Sascha Becker4 augustus 2022
You don’t build an optimal employee journey on gut feeling
Creating an optimal employee experience requires conscious choices, an organised approach and good insight. Without them, whatever you do will be pointless, and a missed opportunity.
The customer journey existed long before the employee equivalent saw the light of day. The idea: that by understanding the journey its customers undertake, organisations could respond better to their needs.
The same applies to the employee journey. The journey and the insights it can provide puts the organisation in a better position to manage the involvement and enthusiasm of employees and, through this, to work on talent retention as well. Research by PwC shows that a strong employee experience benefits employees and employer.
The great thing about the employee journey is that is every organisation already has one. However, they are usually unaware of it. The question, then, is not what you need to do to create an employee experience, but what you need to do to create an optimal employee experience.
A six-factor journey
The centrepiece in our book about the employee journey (now in its fifth edition and with a post-Covid update) is the employee journey model. This defines six factors that influence a good experience: leadership, communication, learning and development, sustainable employability, empowering environment and social dynamics. By gathering data on how employees experience these factors, you can use the resulting insights to engineer major strides towards a healthy future.
That future starts at the top of the organisation, with the people who are ultimately responsible for the employee journey. Because if they don’t believe in investing in the employee journey and don’t prioritise doing so, it makes little sense to take it up as a topic. It won’t amount to anything more than a token gesture towards employees and will become a toy for HR and Communications that ultimately yields little. A waste of time and money.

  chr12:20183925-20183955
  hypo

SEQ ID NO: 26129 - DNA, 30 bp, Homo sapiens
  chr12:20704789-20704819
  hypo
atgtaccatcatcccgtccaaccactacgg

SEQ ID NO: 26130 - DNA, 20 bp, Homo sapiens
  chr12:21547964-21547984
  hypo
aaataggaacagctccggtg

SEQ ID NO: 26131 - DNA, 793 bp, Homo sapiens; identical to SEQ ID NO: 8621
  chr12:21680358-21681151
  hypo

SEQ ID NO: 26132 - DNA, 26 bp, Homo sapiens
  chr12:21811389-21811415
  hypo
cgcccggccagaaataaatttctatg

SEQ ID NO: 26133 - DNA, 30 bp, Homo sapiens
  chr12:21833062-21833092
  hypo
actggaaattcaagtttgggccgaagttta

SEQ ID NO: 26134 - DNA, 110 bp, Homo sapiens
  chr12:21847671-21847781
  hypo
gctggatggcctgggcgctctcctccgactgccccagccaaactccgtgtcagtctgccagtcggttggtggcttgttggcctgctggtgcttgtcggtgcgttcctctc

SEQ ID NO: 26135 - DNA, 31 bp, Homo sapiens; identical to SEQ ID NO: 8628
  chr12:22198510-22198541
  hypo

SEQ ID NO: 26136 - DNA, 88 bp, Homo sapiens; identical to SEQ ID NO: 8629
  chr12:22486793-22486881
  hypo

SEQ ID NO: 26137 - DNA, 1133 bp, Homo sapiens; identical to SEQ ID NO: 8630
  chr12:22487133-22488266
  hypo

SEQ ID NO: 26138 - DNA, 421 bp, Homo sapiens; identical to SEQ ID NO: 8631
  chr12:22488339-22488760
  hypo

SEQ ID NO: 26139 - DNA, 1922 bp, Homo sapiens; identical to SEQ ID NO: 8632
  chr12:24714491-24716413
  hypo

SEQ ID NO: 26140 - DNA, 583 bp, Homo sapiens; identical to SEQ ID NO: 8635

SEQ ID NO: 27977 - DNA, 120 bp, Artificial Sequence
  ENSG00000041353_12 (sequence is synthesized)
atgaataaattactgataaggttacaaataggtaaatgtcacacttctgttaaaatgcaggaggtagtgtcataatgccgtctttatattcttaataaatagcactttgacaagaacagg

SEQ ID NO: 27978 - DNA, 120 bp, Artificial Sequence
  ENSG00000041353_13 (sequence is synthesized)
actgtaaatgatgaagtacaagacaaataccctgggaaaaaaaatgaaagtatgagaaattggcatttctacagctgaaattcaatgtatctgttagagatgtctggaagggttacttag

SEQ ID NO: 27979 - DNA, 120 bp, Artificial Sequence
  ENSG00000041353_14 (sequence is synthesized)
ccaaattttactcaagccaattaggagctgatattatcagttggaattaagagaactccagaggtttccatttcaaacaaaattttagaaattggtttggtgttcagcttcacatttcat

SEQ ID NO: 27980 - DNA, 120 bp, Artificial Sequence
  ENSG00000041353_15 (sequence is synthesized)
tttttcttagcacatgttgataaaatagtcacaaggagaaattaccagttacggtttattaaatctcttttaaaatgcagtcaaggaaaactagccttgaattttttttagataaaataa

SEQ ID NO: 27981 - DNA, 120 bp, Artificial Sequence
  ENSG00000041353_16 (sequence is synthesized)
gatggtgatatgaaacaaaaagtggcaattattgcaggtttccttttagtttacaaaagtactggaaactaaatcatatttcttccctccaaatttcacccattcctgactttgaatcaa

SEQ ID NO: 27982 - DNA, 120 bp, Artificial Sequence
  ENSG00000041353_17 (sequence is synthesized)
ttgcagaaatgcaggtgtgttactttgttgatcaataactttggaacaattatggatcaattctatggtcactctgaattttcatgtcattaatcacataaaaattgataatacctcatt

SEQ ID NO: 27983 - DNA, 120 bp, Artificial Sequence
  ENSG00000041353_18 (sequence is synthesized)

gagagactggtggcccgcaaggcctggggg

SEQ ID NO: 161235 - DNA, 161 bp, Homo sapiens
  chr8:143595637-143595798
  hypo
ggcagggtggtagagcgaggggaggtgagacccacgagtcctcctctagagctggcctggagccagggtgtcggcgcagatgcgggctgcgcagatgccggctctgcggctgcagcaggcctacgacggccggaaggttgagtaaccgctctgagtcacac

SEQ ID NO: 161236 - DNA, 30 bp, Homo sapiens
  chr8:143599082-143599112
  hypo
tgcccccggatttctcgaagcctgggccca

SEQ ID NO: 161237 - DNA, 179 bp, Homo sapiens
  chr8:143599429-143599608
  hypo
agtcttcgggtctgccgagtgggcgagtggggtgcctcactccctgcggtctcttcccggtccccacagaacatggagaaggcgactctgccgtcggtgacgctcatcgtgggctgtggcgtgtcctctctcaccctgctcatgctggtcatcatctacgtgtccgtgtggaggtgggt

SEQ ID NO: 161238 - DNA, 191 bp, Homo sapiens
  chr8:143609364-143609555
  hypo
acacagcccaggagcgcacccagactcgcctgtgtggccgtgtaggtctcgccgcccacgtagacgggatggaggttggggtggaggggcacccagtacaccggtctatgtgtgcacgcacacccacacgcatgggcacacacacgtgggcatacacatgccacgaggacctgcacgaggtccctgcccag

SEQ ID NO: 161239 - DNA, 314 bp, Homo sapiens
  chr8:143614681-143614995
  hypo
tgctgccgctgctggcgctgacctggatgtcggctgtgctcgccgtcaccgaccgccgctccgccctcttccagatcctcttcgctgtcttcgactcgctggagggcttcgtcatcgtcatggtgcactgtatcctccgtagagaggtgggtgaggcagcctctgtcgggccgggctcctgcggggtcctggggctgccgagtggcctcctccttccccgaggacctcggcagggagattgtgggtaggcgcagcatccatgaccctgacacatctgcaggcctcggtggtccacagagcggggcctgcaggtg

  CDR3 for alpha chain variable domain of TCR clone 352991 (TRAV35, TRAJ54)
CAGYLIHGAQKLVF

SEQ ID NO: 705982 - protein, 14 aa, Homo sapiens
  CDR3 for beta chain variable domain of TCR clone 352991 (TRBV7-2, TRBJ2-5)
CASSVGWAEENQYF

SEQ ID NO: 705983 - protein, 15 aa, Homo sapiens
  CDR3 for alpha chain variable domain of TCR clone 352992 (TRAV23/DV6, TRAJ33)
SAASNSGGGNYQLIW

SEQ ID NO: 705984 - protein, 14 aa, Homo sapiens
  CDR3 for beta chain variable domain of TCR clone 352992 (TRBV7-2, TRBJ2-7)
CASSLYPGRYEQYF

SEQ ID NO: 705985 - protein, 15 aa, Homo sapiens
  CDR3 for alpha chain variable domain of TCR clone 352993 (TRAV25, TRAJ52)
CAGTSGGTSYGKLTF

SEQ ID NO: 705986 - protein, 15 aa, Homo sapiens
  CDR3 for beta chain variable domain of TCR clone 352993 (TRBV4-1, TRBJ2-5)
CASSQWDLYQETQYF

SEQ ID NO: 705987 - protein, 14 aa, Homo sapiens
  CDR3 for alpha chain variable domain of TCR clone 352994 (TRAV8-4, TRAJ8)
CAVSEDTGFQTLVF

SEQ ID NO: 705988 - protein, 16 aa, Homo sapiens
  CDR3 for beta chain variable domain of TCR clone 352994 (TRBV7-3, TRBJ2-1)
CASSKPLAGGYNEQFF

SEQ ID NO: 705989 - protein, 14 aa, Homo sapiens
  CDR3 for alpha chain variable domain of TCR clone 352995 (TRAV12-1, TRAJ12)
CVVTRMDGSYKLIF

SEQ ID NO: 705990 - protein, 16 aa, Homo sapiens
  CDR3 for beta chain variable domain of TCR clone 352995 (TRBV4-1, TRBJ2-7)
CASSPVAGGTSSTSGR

An opportunity not to be missed
Not investing in the employee journey is a missed opportunity. If you look at what aligned employees bring to your organisation and do your homework, it is easy to make the business case. A recent Gallup report, for example, found that investing in people reduces the number of safety incidents organisations experience, boosts production, reduces employee turnover and reduces absence through illness, among other things.
The Randstad Employer Brand Research 2022 is similarly conclusive: loyal, satisfied and committed employees who work with enthusiasm and passion are an organisation’s best asset in the current tight labour market.
A means and not an end
As terms, employee journey and employee experience are almost impossible to avoid these days. Nevertheless, I feel there is something that needs to be stressed. This is that the journey is a means and absolutely not an end in itself and that every organisation already has an employee journey. However, as they are often unaware of this, they fail to invest enough time, money and attention into its ideal implementation. Simply mapping the journey taken by an existing or potential employee can uncover a lot, providing insight into areas of concern and helping to set priorities.
Corona is proof
The Covid-19 pandemic had a big impact on the employee journey. And it still has. It showed that, among other things, good internal communication is crucial to ensuring employees remain engaged and aligned. It also highlighted the essential role played by managers.
In addition, many organisations – and senior leaders – discovered that autonomy has a positive effect on employees. This knowledge is not new. Daniel Pink, in his 2010 book Drive: The Surprising Truth About What Motivates Us, identified autonomy as one of three most important motivational factors (alongside purpose and mastery).
And with this, the circle is complete again. Gaining insights, doing something with them and consciously working on the employee journey pays off. You don’t build an optimal employee journey on a gut feeling; you do it on the basis of insights, proven models and making targeted choices.